dykstraIn July 2007, Jim Dykstra did a lot of hard-core hiking. With his brother and nephew, he hiked to the bottom of the Grand Canyon and back up. It was a grueling three-day hike, and it was hot outside — 120 degrees. They also took long hikes in Bryce Canyon and Zion National Park. Dykstra was 45 years old and in great shape. Back-to-back hikes were not a big deal for him.

The next month, home from the hiking adventures, Dykstra decided to get serious about the nagging neck and shoulder pain that had stuck with him since an auto accident the previous year. He wanted an answer to the increasing numbness in his fingers, too. He had been to a chiropractor and physical therapist, but the pain and numbness had persisted. Finally, in October 2007, his insurance agreed to cover an MRI, which revealed destruction of the seventh cervical vertebra (C7). An abnormal M-protein level confirmed a diagnosis of myeloma.

Dykstra immediately made an appointment at the Myeloma Institute. Coincidentally, his father had had myeloma, as well as colon cancer (his mother had colon cancer, too). Dykstra had done his homework about myeloma treatment centers and knew all about the Myeloma Institute. What sold him without a doubt was the Myeloma Institute’s impressively large number of stem cell transplants and record of success.

The first order of business was replacement of the damaged vertebra, performed by UAMS neurosurgeon, Dr. T. Glenn Pait. Then, under the care of Dr. Frits van Rhee, Dykstra was treated on a regimen similar to the Total Therapy 3 clinical trial. Treatment over a four- year period included tandem transplants and chemotherapy, some of which was done near his hometown of Incline Village, Nevada. When in Little Rock, he stayed at one of the hotels that provide shuttle service to/from UAMS. “Their staff understands,” he said.

Dykstra’s two children were in high school when he was diagnosed. They were exposed during their impressionable teenage years to the realities of a cancer diagnosis and treatment. They pitched in as caregivers, helping their mother and their uncle (Dykstra’s brother) from Dallas. Dykstra’s son, at the age of 15, spent a week in Little Rock as the primary caregiver during one of his father’s transplants.Dykstra is quite sure that his daughter’s decision to pursue a nursing career sprang, in part, from her hands-on caregiving experience. She is currently pursuing a doctorate in nursing at the University of Wisconsin.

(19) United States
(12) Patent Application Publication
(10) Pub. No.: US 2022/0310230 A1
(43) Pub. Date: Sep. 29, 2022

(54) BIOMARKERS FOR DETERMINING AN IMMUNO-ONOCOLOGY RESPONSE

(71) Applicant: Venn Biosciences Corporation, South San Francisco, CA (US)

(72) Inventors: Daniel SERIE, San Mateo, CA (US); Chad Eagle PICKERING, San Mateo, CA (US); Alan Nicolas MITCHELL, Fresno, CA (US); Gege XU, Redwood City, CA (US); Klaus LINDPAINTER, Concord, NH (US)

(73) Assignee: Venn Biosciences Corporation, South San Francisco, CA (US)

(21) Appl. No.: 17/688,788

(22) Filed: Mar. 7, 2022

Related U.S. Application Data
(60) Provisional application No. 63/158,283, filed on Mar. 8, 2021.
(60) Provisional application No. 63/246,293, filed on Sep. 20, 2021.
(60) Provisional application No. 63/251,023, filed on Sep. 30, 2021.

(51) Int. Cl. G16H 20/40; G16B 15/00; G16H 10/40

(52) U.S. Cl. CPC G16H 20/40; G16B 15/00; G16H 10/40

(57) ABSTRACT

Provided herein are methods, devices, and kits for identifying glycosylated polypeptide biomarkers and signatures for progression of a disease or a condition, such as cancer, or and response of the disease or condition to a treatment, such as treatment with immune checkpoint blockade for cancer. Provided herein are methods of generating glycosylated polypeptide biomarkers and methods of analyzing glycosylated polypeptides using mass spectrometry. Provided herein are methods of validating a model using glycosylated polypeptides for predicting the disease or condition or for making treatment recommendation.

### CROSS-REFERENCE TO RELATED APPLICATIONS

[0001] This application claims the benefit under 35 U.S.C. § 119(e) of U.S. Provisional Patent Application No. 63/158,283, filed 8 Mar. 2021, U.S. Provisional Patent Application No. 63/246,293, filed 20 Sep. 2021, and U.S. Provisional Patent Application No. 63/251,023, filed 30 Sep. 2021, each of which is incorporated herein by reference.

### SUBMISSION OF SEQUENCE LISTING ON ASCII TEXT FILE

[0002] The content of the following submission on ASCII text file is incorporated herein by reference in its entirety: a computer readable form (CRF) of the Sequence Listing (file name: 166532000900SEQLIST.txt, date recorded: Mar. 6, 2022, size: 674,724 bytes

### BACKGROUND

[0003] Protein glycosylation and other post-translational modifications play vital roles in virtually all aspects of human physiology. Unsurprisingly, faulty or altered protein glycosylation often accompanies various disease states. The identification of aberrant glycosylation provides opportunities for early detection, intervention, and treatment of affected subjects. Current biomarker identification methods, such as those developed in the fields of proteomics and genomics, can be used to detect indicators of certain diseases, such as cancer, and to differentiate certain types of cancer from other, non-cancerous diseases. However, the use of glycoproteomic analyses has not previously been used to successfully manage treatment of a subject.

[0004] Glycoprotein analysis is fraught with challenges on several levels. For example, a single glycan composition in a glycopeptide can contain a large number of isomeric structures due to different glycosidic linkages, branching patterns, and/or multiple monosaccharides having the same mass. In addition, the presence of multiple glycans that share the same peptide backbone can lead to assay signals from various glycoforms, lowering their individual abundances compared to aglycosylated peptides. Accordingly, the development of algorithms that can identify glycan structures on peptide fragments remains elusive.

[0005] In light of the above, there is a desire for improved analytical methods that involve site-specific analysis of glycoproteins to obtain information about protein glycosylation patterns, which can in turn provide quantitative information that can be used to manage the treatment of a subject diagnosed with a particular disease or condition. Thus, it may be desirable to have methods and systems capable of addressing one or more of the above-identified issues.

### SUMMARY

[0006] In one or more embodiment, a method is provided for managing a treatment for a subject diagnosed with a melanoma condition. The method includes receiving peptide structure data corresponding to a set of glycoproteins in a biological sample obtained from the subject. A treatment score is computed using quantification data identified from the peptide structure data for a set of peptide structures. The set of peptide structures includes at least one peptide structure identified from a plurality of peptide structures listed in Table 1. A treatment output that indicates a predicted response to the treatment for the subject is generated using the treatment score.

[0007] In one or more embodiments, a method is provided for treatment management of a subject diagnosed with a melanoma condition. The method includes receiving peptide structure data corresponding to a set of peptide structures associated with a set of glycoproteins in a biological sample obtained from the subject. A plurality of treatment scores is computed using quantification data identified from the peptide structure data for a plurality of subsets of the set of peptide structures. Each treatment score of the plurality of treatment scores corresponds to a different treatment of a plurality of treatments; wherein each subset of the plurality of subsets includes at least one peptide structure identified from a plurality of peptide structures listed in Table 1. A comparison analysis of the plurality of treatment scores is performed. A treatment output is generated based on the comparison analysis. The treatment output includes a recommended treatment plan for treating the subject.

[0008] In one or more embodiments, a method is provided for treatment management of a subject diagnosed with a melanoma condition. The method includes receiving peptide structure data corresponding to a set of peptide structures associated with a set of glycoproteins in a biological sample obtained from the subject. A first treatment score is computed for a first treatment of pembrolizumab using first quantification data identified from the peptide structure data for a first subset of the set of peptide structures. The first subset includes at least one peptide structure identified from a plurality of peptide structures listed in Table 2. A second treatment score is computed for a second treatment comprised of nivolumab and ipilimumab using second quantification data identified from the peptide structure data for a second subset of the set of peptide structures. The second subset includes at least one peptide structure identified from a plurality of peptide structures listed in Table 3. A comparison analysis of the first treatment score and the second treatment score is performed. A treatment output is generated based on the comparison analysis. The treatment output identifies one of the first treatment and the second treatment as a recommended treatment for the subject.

A CPA by profession, Dykstra worked early in his career as a controller for Dole Food Company, traveling all over the world and living in Costa Rica for six years. He and his wife, Jane, also a CPA, came back to the U.S. and settled down in Incline Village to raise their family. They quickly adapted to the magnificent environment and its boundless opportunities for outdoor activities.

At the end of maintenance therapy, the last portion of the Total Therapy 3-like regimen, Dykstra’s spirit of adventure and love of the outdoors and travel kicked back in. Anxious to resume an active lifestyle, even though tired and a bit worn out, he retired from work and resumed hiking, frequently with his dog and always with Jane’s encouragement. He was determined to enjoy every day and live life to its fullest. Over time, his stamina returned.

Dykstra kayaks regularly on Lake Tahoe. In fact, this past July he completed his fifth five-day trip around the 70-mile shore line. Two years ago, at an altitude of 8,000 feet and with more than 50 pounds on his back, he completed the 175-mile Lake Tahoe Rim Trail that forms a loop around the Lake Tahoe Basin in the Sierra Nevada and Carson ranges of California and Nevada. When he reached the 150 mile mark, he was overcome with emotion. Realizing that he would be able to complete the journey in 15 days, he wept tears of thanks for his renewed strength. Last summer Dykstra completed a 170-mile, solo trek along the John Muir Trail. “It was a miracle,” he said. Never did he imagine during his four years of treatment that he would be able to get back to the outdoor adventures that he loves
so much.

Dykstra has a new appreciation for what he can do and how he can help others. He readily shares his enthusiasm and joy for life. He is active with Meals on Wheels through Sierra Senior Services. He is a regular with “Read with Me,” a program that facilitates language and early literacy skills, with third-graders at the public school. He coaches basketball for middle school kids at the Incline Village Parks and Recreation Center. And, Dykstra and Jane, who is now also retired, are back to traveling the world. Recent trips include Spain, the Caribbean, Hawaii, Alaska, and five weeks in Europe.

Little Rock is on the travel list, too, for annual checkup visits. Dykstra always enjoys seeing his Myeloma Institute family. “I can’t say enough about the staff,” he said. When he talks with newly diagnosed patients, he encourages them to come to Little Rock to get what he says is “the best care.” Nine years since diagnosis and in complete remission, Dykstra has no detectable disease and has not received any treatment for the last four and a half years. “The doctors are hinting that they will soon be able to declare me cured. That word was not in the vocabulary when I was diagnosed,” he said